Friday, May 10, 2013

Why Do We Like Being Mislead?

"This 24-Year-Old Entrepreneur Raised $300,000 By Wearing Dad’s Wool Shirt For 100 Days"

Professor Walrus Wonders Why This Headline Is Successful, When It's Actually Inaccurate and Misleading >

It worked on me, this attention-grabbing headline. I read the story. Not a bad story, but not the story I was expecting, and this bothered me.

The headline has two equal thrusts: 24-year-old entrepreneur raises $300,000 on Kickstarter, which is impressive, but not special. Second, he publicizes the campaign by wearing his Dad's old, presumably smelly shirt for 100 days. Now that's a compelling! We love people who are willing to make fools of themselves, but I suspect we're the ones being made fools of.

I got the story from the Co.Exist Daily newsletter. The 15-word headline packs a lot of information, and I wear wool shirts and have a 24-year-old. As it turns out, the lede is basically correct, but intentionally misleading. What's wrong with it:
  1. The headline accompanies a picture of a slim young man wearing a button-down, tattersall, wool shirt, presumably the one in question. However, it's not a picture of "this 24-Year-Old Entrepreneur, Mac Bishop;" it's a model.
  2. Dad never wore "Dad's Wool Shirt." He manufactured it. Bishop's father is the 5th-generation owner of Pendleton Mills in OR, which controls "85% of the American wool button-down market" and is where the shirt is made.
  3. Wool & Prince, Mac Bishop's Kickstarter-funded startup, exists, because the family turned down the idea. His father's shirt remains the heavyweight, durable, slightly scratchy, lumberjack standard. This is really the son's shirt, lighter weight, more-stylishly cut, much more appropriate for the Kickstarter crowd than the aging, woodsy set (of which this walrus admits to being a member).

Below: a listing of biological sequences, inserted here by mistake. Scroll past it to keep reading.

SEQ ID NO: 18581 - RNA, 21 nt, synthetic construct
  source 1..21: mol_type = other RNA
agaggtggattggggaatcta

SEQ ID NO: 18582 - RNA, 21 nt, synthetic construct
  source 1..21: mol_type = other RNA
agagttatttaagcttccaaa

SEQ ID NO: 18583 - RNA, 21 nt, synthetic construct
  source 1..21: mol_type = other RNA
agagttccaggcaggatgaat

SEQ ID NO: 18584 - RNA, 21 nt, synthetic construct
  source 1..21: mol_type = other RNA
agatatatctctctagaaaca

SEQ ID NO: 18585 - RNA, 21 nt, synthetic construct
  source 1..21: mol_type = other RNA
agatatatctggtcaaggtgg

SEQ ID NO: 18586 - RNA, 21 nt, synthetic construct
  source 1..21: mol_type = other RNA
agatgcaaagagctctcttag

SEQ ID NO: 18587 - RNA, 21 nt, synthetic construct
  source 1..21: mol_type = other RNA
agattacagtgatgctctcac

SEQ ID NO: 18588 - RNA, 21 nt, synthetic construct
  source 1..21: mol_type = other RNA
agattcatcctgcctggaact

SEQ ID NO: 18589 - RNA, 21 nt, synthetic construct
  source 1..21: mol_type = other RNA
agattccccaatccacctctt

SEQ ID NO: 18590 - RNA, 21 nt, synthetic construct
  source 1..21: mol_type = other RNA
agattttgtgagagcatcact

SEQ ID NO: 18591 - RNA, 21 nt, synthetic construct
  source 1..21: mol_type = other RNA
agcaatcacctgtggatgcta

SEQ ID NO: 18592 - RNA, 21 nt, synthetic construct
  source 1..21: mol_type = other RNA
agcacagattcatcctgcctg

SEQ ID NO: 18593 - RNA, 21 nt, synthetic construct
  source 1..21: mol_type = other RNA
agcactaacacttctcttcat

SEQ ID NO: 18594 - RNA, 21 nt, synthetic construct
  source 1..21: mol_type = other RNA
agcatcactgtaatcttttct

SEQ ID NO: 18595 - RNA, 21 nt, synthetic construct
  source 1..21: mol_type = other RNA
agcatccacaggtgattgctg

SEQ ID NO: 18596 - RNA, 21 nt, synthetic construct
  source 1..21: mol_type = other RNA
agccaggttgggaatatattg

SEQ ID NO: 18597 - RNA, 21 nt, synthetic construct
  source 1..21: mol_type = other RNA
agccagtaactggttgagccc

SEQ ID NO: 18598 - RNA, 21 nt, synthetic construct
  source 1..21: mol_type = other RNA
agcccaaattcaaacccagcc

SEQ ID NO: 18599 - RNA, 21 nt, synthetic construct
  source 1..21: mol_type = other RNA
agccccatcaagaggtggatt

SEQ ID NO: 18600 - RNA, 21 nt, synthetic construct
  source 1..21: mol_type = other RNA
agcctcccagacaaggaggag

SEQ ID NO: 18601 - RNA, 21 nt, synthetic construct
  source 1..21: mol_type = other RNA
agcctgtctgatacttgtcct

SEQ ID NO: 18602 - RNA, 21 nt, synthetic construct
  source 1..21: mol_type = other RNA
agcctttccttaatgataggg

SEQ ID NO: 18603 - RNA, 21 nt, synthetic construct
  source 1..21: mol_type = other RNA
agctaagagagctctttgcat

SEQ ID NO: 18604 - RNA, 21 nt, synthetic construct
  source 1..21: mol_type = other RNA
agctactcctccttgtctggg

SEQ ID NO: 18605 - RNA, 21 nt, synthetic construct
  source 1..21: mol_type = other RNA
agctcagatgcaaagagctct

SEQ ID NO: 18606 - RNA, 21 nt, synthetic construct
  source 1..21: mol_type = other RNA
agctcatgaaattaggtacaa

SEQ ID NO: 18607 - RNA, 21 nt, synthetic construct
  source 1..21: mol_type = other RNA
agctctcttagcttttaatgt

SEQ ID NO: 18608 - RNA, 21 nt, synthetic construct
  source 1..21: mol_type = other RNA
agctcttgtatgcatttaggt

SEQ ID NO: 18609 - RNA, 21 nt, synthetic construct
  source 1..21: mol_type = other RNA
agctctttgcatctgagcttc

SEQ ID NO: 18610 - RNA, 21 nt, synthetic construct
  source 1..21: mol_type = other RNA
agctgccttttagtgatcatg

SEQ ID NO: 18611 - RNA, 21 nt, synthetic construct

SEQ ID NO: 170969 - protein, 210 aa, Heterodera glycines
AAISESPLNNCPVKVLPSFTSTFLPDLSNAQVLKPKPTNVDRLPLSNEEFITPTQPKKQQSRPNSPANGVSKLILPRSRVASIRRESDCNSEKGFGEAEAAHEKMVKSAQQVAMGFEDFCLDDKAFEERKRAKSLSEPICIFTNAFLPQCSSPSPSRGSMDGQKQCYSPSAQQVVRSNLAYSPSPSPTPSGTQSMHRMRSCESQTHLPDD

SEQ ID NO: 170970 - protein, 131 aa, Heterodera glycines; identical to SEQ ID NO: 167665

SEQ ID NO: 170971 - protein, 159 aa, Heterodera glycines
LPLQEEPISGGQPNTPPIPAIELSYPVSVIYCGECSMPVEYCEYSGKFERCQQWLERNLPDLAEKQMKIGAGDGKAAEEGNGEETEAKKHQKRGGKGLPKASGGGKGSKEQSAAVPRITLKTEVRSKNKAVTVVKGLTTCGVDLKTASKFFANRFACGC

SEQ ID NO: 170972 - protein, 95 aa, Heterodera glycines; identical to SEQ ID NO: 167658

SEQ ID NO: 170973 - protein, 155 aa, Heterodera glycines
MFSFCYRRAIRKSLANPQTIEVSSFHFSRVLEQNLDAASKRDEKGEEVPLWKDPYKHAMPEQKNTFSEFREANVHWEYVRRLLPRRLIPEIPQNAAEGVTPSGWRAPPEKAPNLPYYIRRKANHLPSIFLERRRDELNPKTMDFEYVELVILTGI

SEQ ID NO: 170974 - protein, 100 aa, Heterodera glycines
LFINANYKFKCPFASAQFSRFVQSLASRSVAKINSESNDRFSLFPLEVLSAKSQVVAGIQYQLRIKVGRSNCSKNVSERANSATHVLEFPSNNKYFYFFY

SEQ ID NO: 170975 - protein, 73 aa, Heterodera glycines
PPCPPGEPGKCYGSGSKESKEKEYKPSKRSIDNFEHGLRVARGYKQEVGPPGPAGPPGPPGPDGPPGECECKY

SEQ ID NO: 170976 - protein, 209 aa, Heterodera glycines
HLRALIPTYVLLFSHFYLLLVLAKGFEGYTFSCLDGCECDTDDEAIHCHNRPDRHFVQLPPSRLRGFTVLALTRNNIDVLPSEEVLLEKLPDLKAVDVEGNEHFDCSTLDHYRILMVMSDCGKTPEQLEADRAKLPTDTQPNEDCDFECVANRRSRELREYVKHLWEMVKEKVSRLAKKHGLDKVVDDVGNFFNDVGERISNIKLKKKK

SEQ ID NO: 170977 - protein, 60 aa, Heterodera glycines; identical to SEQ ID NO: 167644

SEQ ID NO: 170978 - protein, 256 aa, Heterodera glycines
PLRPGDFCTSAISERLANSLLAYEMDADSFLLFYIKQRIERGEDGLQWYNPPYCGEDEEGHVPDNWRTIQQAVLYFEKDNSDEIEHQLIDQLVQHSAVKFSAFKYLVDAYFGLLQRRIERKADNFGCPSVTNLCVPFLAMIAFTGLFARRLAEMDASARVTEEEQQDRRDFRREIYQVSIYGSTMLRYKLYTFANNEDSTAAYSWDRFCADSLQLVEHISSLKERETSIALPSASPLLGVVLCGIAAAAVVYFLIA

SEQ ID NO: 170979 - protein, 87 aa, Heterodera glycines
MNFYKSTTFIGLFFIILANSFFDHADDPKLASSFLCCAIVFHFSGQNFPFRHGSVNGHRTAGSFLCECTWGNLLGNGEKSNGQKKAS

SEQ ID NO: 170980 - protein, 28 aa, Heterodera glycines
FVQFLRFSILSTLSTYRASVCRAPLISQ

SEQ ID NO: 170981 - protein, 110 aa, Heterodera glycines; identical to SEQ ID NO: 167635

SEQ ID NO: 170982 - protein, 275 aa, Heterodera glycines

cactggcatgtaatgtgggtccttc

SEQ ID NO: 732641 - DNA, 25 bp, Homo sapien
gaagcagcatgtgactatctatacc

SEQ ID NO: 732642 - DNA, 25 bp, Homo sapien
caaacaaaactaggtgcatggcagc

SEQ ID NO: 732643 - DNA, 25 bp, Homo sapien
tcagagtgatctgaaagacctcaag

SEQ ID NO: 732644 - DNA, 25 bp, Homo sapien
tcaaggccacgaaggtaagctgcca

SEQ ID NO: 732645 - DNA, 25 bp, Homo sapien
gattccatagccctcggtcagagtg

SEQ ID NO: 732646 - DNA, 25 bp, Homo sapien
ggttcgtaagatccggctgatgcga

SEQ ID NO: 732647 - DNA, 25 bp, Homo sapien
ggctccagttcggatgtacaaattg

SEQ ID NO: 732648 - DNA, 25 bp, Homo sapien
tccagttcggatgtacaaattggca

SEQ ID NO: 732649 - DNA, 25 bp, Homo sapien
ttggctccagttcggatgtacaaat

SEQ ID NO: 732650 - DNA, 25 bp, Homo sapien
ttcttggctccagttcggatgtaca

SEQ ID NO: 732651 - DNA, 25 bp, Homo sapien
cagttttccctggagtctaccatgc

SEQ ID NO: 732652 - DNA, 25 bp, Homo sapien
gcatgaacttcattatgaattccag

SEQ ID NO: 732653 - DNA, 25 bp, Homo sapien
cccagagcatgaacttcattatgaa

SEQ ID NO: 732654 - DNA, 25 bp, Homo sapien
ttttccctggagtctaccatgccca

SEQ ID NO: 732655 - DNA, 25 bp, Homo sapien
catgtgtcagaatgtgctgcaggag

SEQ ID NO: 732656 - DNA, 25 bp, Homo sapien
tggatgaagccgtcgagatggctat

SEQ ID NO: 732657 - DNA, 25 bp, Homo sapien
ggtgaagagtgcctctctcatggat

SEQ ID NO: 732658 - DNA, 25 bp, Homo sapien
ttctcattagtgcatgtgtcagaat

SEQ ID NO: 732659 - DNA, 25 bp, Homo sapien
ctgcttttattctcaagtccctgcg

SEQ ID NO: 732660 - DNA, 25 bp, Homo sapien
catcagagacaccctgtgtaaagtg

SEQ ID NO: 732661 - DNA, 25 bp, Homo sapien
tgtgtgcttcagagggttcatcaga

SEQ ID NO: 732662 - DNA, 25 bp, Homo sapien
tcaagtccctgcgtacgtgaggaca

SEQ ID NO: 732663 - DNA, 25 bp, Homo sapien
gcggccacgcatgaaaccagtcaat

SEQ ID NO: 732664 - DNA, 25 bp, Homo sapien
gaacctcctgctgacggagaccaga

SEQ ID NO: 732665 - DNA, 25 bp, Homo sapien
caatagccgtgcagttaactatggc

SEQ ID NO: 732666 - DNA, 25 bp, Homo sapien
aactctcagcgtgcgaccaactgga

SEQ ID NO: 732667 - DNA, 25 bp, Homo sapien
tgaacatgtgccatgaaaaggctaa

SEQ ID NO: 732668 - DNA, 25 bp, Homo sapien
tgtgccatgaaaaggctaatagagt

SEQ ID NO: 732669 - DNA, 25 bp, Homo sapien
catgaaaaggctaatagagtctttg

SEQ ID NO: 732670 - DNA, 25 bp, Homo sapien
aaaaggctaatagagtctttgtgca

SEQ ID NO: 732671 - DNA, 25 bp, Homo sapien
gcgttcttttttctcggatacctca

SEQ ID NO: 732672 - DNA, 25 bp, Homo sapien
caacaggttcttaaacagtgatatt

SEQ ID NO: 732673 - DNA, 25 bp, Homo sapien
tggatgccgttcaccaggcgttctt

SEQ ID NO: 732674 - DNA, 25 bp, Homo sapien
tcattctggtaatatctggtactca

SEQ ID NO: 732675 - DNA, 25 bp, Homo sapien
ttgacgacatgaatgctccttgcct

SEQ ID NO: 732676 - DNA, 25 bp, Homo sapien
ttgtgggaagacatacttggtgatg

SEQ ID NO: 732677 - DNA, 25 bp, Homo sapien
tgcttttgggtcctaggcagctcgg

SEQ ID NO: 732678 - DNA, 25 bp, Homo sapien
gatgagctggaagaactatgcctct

If Bishop senior had decided to market his son's shirt, do you think he would have been written up in newspapers, profiled on NPR, and mentioned in Jay Leno's monologue? Not likely. 

But let's not take anything away from the ambitious, younger Mr. Bishop. As a crowd-funded entrepreneur, he seems to be doing everything right. With Wool & Prince, Bishop can rebrand his updated Pendleton shirt and hit just the right markets. It's no wonder he was able to attract so much positive attention and funding, and that's really what this story should be about—good product, great marketing, people want to wear his shirt and are willing to pay money for it.
What about the misleading blog headline? Take your pick:
  • Scratchy Wool Shirt Finds Kickstarter Fountain-of-Youth On the Back of 24-Year-Old Entrepreneur (16 words)
  • This 24-Year-Old Entrepreneur Raised $300,000 By Wearing Dad’s Wool Shirt For 100 Days (15 words)
  • One Wool Shirt, 100-Day's Wear, Washed in Kickstarter, Comes Out Smelling Like $300,000 (14 words)
  • There's Something About The Pendleton Men. Is it the Shirt Worn 100 days? (13 words)
  • Worn 100 Days, the Shirt Makes the Entrepreneur and $300,000 on Kickstarter (12 words)
Postscriptum: It's not a bad article, and I like the slide show with captions at the top of the story. I'd edit it differently and it could be funnier if it were tighter, but I ended up liking the shirt. If it came in Walrus, I'd buy one. I've included the Newsletter teaser to the article, below.

This 24-Year-Old Entrepreneur Raised $300,000 By Wearing Dad’s Wool Shirt For 100 Days

Mac Bishop’s Kickstarter for a miracle wool shirt that doesn’t need to be washed exploded across the Internet. But what you didn’t hear was that Bishop’s dad’s company is the country’s largest wool shirt manufacturer. And you can buy that miracle shirt today--no Kickstarter required.

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